I’ve read a lot of memoirs lately. I like funny protagonists who don’t whine about their lives and the horrible things that have happened to them (see “Glass Castle”); instead making each crappy event hilarious. Anyone who has listened to “The Moth” podcast knows that drowning in the Atlantic ocean and watching your ship mates get eaten by sharks is absolutely hilarious.
So I wondered what would happen if I wrote a memoir. Would it be interesting? How could I make my moments of hell funny, if I even had moments of hell. Would what I write just be considered another white girl with “problems”? Would the people I mention be okay with what I write? Probably not. Best wait until everyone’s passed before I write anything too funny, at least according to my theory of what makes a good memoir.
So why don’t I just start with a memory. I have a very odd memory bank. You could say that my memory is like the director’s alternative ending on a DVD promising 90 more minutes of unseen footage. What I can remember of my childhood is a mash-up of stories my mother has told me and real Wendi Memory (TM).
In junior high and high school a friend remembered everything we ever did or said. It was a freaky talent, but in some ways it was reassuring to have someone who would remember all the stuff I was sure to forget or remember incorrectly. Even then I knew something was off about my memory.
Of course, the Southerner in me would have you believe that my incorrect memories are not incorrect just embellished. And who doesn’t like a good embellish story? Isn’t it more interesting to read that the two-inch scar in my left elbow-pit was from a dark time in my past when I lost a match in a local Fight Club and not just a relic from surgery to remove tissue that grew too big in that area of my arm?
Okay, so maybe that’s not just embellishing but outright lying. Let’s forget about lying and go on to embellishing. Did you ever see the movie “Big Fish”? The general story is that the protagonist’s father always had a version of the proverbial fishing story in which the fish caught gets bigger and bigger every time the story is told. When I think of embellished stories I always call them Big Fish stories. My dad is an excellent Big Fisher. Apparently, so am I.
I have this memory that I have Big Fished for years now. I thought it was time that I get the real skinny on what happened. So during a recent visit with my parents I asked my mom to help me clear up this particular memory. Here is my version, the one I’ve actually been telling people:
I’m four years old. My uncle Jack is a photographer and film maker. He’s making a commercial and he needs a little girl to star in it. Who else would he turn to but his older sister and her adorable daughter (me), who was also a ham for the camera.
The commercial is a PSA for drivers: Watch for children at play. My uncle films me chasing a ball across the road while my mother drives her car towards me and barely misses hitting me. Tight shot on my face full of fear and shock! Flash to a flattened ball. Look what could happen if you’re not paying attention! You could flatten a ball or kill a child! The ball, my uncle promises me after filming, would be returned to me with air in it again.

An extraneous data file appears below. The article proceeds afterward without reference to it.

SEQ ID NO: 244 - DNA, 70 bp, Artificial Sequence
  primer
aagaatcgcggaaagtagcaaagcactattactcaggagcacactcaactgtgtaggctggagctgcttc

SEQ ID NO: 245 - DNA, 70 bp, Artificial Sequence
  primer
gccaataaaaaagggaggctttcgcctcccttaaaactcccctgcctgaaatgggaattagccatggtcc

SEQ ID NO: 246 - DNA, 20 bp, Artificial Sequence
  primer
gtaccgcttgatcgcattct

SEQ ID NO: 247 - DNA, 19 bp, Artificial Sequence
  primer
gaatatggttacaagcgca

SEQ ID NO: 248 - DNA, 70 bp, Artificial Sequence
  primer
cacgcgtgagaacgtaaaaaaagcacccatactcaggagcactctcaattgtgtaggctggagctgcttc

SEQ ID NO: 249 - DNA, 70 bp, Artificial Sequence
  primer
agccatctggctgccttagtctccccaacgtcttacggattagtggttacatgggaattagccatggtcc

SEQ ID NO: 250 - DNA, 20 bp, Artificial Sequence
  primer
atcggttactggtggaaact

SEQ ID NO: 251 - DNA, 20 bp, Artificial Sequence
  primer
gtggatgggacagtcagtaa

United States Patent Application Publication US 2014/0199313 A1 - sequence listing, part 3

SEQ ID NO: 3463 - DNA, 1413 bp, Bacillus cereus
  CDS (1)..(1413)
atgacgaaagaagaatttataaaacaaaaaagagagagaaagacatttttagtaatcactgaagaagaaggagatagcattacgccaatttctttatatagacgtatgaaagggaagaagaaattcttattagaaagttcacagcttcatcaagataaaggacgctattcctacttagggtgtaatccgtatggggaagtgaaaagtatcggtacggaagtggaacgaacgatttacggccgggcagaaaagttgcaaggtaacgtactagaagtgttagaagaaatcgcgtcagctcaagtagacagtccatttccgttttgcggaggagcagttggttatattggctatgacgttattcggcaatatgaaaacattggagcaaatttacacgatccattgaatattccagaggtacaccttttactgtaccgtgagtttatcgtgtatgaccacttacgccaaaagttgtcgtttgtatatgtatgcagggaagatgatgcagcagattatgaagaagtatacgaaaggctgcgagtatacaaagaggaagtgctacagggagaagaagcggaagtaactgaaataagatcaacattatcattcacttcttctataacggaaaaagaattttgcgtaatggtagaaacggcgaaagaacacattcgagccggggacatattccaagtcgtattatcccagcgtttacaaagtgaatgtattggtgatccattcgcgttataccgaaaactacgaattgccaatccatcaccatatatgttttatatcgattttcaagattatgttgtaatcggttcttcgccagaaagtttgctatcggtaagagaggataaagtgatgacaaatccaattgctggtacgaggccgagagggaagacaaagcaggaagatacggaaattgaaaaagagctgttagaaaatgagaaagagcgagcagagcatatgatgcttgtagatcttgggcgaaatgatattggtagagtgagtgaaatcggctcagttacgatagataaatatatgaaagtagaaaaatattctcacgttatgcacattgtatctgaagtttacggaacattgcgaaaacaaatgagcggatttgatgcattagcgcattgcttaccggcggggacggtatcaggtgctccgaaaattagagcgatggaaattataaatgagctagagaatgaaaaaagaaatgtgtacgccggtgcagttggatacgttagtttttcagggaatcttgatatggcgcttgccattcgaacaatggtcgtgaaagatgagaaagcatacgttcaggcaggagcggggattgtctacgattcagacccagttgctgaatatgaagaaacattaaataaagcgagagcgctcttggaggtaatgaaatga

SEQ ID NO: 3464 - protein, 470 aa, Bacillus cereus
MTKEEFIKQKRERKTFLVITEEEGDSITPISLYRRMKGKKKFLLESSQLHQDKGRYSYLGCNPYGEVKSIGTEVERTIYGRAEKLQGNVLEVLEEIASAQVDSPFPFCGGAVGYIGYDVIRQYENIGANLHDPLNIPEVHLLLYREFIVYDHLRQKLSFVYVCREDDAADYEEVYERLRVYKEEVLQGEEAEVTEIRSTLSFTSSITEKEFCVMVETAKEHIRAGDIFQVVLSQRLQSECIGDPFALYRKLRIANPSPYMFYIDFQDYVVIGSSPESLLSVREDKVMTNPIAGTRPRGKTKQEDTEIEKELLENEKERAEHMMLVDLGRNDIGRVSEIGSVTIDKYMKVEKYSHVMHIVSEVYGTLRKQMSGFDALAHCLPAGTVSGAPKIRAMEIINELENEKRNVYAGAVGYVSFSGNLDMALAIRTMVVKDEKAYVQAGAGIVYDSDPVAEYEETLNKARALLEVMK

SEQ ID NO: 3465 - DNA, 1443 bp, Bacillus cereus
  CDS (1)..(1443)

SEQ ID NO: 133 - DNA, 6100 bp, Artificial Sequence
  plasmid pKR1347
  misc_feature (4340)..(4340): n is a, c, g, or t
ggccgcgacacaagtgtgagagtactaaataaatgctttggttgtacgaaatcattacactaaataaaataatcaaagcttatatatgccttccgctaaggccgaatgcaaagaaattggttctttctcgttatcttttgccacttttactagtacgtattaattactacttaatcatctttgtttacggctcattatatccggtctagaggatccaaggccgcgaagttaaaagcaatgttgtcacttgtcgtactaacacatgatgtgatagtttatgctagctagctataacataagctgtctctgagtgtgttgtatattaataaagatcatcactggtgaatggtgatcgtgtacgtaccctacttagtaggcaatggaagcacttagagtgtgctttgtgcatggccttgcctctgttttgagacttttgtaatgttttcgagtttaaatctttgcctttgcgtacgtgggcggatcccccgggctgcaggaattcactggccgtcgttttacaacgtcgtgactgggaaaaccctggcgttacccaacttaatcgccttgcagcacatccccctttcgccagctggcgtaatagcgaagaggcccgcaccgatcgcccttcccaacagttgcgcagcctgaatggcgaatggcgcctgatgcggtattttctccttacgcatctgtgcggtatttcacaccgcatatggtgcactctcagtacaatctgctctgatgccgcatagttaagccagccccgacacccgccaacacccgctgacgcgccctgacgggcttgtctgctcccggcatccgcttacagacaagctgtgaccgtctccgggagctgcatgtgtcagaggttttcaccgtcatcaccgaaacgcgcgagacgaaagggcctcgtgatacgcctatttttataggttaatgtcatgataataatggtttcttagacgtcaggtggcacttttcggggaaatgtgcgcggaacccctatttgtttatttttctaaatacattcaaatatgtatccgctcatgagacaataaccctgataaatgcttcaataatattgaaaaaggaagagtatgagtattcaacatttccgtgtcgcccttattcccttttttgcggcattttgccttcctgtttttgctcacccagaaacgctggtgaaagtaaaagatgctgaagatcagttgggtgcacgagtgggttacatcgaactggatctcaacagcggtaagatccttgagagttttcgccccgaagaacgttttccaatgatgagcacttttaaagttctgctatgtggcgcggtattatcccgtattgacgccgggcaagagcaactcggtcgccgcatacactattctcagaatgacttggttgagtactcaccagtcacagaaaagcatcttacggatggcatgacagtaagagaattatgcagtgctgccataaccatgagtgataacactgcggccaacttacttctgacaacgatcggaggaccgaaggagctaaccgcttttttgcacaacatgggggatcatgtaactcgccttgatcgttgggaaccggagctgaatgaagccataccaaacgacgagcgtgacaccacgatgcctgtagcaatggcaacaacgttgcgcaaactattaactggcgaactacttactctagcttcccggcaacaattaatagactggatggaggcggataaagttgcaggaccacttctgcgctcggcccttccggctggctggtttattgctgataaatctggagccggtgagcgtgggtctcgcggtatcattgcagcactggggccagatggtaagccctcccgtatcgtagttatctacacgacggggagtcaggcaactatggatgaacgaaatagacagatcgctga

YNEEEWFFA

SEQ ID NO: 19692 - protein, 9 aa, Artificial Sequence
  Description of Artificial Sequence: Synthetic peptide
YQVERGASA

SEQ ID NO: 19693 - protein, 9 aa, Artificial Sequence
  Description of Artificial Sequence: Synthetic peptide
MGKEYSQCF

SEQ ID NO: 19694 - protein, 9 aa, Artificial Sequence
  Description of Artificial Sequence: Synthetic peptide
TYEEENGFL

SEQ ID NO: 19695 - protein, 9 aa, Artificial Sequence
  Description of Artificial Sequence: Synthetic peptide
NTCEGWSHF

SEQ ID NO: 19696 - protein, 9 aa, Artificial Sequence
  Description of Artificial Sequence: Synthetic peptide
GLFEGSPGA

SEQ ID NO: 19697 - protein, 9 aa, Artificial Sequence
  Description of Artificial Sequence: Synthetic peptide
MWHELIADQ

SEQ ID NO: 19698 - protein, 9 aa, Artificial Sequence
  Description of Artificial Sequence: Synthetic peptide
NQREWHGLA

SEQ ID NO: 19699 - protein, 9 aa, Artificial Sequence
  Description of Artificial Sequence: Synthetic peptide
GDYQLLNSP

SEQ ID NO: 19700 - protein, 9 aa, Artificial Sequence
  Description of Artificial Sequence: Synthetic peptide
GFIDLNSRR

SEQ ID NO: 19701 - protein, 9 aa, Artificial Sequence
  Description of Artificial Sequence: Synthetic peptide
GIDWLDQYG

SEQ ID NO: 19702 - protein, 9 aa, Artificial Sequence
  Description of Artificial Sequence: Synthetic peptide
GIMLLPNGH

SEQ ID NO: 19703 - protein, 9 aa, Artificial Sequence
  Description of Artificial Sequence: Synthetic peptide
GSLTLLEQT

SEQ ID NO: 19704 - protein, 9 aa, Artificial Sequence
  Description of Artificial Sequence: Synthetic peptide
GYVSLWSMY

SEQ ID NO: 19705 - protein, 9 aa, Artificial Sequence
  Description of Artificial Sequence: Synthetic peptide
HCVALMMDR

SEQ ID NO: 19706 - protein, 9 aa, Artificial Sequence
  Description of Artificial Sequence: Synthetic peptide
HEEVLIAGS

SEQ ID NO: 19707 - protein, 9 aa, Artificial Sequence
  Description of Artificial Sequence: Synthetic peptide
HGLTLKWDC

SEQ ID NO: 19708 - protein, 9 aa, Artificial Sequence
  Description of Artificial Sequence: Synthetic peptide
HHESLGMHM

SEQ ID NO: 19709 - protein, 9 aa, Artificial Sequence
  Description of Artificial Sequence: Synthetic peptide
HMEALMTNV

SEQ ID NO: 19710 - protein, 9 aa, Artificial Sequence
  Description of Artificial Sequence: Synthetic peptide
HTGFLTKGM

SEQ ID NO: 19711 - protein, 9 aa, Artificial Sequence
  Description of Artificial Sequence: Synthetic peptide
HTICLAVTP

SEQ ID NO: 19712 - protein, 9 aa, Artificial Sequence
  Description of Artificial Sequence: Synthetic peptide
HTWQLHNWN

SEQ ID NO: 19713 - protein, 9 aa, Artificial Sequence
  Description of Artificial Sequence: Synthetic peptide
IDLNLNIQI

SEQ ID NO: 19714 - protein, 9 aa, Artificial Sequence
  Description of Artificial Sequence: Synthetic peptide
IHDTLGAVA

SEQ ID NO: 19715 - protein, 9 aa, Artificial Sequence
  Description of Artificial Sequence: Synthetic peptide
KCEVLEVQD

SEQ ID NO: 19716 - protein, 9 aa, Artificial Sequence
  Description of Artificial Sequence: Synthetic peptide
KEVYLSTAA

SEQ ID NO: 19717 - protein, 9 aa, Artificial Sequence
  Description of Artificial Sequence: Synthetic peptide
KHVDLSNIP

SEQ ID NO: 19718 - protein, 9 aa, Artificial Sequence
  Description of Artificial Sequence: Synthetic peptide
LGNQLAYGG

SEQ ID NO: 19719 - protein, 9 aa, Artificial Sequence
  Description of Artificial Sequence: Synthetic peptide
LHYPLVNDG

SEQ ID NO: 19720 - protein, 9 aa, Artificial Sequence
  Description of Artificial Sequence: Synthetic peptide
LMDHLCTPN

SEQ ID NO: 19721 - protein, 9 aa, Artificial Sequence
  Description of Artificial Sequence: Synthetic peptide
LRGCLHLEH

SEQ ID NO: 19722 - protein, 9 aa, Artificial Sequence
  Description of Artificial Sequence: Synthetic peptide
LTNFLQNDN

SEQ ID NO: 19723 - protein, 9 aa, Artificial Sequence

The only truths to this memory are: my uncle was making a commercial and he did film me. Pretty much everything else was Big Fished by my wacky brain. My mother’s memory is thus: My uncle Jack was filming a commercial for Volkswagen “or some other car company, who knows”. There was a ball but she is certain it belonged to my Uncle Jack and not me. She did not drive the car. In fact, the day we filmed there was no car. It was just me and the ball. Even now, my memory of what my mother told me just a few weeks ago is fuzzy. So I’ll stop there. Maybe my Uncle Jack can finish the story for me.
What gives? A few years ago I learned that people with anxiety disorders and depression often lose memories. People with depression and anxiety have too much cortisol floating around. Too much cortisol causes belly fat (but so does cake) and memory loss. Basically, the cortisol is like a few pints too many at the pub and makes the brain all drunk and bumbled. Sometimes this is really funny. Like the time my husband, his mother, brother and I went out for dinner and I exclaimed, “Man, this place is great! We have got to come back again!” and my family told me that this was the “again” visit. We had been there just a couple of weeks earlier. Oh, too funny! I laugh every time I think about it until I wonder if we ever went back. I don’t think we did but at this point who knows.
I find my memories quite entertaining. God only knows how I’m going to remember any given situation. I do try to at least put a positive spin on my memories. I have some sad ones, yes, but ultimately, they’re damn funny (which means, according to the tales told by the author of “The Glass House” they’re horrible memories filled with starvation and fleas.)
Postscript: My uncle writes, “Gosh Wendi I don’t remember that. But did you see the silent super 8 film we did in college starring your mom and dad? If I can find a projector, I’ll transfer it and maybe put it up on YouTube.”